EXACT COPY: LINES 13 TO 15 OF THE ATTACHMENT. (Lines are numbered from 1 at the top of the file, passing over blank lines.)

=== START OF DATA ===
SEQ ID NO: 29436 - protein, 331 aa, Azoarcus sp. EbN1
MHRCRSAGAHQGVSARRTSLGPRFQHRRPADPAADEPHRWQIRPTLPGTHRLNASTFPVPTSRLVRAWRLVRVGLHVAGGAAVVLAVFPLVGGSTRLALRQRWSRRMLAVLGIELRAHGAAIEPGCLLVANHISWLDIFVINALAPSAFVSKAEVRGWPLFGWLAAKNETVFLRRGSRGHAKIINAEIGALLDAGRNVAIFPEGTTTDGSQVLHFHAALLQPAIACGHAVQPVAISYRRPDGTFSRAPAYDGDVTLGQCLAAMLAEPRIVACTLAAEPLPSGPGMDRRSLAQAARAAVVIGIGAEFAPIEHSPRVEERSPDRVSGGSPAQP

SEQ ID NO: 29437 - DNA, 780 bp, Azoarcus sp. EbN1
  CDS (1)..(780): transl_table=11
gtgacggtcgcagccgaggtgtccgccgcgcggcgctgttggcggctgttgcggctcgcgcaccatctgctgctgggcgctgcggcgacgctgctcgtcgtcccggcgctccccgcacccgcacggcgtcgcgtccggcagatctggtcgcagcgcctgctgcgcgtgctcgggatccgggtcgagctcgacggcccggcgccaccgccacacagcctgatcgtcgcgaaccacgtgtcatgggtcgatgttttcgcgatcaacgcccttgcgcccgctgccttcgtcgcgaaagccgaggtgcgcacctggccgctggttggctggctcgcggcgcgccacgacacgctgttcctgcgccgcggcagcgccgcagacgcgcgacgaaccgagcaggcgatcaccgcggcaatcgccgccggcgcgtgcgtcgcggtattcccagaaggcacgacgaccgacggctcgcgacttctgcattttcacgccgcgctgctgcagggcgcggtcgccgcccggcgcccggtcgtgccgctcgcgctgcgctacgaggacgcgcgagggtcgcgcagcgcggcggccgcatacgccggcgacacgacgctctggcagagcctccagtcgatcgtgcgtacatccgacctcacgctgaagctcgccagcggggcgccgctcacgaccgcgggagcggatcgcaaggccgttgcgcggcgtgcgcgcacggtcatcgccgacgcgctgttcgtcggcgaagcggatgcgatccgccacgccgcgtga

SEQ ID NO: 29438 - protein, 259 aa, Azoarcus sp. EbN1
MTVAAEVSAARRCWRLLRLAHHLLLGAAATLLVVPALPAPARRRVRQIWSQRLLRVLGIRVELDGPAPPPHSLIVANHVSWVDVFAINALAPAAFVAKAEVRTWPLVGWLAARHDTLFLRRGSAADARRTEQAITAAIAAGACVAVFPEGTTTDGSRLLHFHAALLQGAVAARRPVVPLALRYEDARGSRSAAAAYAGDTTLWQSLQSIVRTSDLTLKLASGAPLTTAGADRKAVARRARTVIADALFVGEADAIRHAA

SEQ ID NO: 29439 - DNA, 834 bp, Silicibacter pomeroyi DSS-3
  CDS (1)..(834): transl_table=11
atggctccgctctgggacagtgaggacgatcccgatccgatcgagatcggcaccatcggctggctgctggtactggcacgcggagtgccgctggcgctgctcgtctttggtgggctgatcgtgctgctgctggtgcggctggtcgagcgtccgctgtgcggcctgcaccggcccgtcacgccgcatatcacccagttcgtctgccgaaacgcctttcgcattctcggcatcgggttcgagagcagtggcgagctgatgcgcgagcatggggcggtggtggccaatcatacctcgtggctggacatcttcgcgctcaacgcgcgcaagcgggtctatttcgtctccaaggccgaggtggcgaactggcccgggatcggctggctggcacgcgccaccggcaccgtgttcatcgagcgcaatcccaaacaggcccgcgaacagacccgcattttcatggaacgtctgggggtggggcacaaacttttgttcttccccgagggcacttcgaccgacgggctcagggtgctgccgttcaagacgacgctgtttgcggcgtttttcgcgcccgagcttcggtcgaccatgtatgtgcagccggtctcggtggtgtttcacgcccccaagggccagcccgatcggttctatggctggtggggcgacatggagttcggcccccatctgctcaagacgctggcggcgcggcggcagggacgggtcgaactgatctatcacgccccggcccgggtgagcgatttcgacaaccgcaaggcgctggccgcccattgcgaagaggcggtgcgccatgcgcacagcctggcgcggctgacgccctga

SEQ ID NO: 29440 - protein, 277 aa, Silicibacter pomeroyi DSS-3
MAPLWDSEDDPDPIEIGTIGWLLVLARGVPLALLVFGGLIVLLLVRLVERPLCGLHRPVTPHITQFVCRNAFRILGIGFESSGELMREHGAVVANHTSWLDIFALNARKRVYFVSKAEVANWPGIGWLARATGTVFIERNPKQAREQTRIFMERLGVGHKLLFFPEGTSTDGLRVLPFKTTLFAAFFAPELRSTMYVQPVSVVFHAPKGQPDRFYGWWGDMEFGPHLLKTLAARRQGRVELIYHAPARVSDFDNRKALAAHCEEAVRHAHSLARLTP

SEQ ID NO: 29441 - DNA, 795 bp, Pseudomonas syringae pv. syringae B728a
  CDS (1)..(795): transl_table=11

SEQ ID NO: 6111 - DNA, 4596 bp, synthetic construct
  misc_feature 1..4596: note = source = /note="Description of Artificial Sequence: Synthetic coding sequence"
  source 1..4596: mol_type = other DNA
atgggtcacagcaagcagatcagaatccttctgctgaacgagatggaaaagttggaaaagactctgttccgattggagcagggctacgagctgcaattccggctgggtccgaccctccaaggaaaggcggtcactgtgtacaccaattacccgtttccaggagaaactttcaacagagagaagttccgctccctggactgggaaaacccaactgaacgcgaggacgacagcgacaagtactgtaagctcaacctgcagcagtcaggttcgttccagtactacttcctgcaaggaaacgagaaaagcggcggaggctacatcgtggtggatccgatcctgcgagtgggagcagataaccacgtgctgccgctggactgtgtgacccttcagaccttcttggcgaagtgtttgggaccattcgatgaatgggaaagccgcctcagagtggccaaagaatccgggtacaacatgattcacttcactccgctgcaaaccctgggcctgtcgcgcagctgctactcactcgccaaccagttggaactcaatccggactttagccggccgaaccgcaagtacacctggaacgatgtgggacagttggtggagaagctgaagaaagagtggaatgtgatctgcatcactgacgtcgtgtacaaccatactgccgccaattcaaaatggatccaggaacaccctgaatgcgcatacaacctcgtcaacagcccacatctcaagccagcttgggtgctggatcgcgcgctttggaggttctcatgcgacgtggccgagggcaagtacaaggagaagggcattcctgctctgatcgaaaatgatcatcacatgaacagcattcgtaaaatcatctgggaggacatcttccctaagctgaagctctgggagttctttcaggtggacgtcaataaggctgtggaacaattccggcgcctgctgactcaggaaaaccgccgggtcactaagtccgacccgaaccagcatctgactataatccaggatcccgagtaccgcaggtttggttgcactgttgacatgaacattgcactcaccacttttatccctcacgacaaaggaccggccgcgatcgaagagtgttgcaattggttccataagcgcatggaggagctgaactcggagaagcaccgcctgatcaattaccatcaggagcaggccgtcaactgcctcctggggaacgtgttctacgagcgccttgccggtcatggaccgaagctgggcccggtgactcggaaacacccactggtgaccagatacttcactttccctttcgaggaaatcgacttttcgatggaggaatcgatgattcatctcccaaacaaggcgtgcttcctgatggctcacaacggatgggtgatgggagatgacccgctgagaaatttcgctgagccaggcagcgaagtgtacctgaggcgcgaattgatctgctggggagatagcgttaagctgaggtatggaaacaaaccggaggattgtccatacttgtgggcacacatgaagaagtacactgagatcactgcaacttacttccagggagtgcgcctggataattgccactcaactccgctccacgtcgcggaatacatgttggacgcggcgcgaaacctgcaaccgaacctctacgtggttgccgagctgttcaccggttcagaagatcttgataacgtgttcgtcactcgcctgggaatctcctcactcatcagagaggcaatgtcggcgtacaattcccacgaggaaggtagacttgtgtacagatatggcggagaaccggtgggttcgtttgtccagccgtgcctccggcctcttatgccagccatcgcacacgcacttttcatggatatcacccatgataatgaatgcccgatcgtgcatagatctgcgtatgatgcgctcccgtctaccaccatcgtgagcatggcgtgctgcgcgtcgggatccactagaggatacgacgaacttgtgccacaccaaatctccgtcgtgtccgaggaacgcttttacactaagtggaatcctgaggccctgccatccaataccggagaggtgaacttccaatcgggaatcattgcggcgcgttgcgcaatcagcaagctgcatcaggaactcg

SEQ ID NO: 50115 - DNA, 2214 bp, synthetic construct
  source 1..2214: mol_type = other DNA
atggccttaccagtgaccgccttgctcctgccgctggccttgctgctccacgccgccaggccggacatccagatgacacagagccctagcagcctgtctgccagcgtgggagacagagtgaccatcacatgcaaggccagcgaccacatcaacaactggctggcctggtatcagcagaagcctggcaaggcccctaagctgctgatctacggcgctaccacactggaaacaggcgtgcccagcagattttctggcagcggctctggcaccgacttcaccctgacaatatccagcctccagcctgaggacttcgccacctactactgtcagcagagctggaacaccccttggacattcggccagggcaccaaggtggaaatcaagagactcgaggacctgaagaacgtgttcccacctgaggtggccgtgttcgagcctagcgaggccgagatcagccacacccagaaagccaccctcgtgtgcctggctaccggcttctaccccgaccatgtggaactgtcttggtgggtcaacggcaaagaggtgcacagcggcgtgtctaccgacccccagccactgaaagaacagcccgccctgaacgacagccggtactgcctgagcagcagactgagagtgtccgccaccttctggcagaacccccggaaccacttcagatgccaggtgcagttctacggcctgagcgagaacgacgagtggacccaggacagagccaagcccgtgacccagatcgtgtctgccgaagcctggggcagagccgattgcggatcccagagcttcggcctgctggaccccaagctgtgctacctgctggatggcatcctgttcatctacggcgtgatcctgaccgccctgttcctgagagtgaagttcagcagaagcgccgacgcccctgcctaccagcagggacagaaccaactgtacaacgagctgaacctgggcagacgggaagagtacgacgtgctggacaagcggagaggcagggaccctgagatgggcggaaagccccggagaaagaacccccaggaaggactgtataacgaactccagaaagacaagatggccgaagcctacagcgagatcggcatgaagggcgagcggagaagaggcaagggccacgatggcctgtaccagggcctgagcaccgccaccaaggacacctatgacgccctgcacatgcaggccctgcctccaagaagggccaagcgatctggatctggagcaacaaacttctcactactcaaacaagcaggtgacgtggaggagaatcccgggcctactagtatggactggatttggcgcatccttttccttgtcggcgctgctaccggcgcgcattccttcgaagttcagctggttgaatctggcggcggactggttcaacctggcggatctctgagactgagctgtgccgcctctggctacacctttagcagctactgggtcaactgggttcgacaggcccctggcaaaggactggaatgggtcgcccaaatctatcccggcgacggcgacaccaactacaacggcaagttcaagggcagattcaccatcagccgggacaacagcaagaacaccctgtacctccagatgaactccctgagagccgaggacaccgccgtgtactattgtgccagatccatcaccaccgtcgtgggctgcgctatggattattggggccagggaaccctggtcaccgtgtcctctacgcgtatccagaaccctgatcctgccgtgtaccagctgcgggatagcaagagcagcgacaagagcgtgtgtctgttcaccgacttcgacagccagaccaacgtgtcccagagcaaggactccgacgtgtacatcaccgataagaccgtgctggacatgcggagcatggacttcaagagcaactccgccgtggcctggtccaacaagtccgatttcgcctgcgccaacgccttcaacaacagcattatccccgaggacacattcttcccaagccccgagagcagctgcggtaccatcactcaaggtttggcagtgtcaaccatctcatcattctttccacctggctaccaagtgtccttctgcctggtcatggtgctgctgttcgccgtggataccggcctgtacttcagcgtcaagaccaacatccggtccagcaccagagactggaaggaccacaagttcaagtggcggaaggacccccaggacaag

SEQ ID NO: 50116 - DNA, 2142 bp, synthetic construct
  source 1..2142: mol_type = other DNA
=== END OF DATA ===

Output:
SEQ ID NO: 29441 - DNA, 795 bp, Pseudomonas syringae pv. syringae B728a
  CDS (1)..(795): transl_table=11

SEQ ID NO: 6111 - DNA, 4596 bp, synthetic construct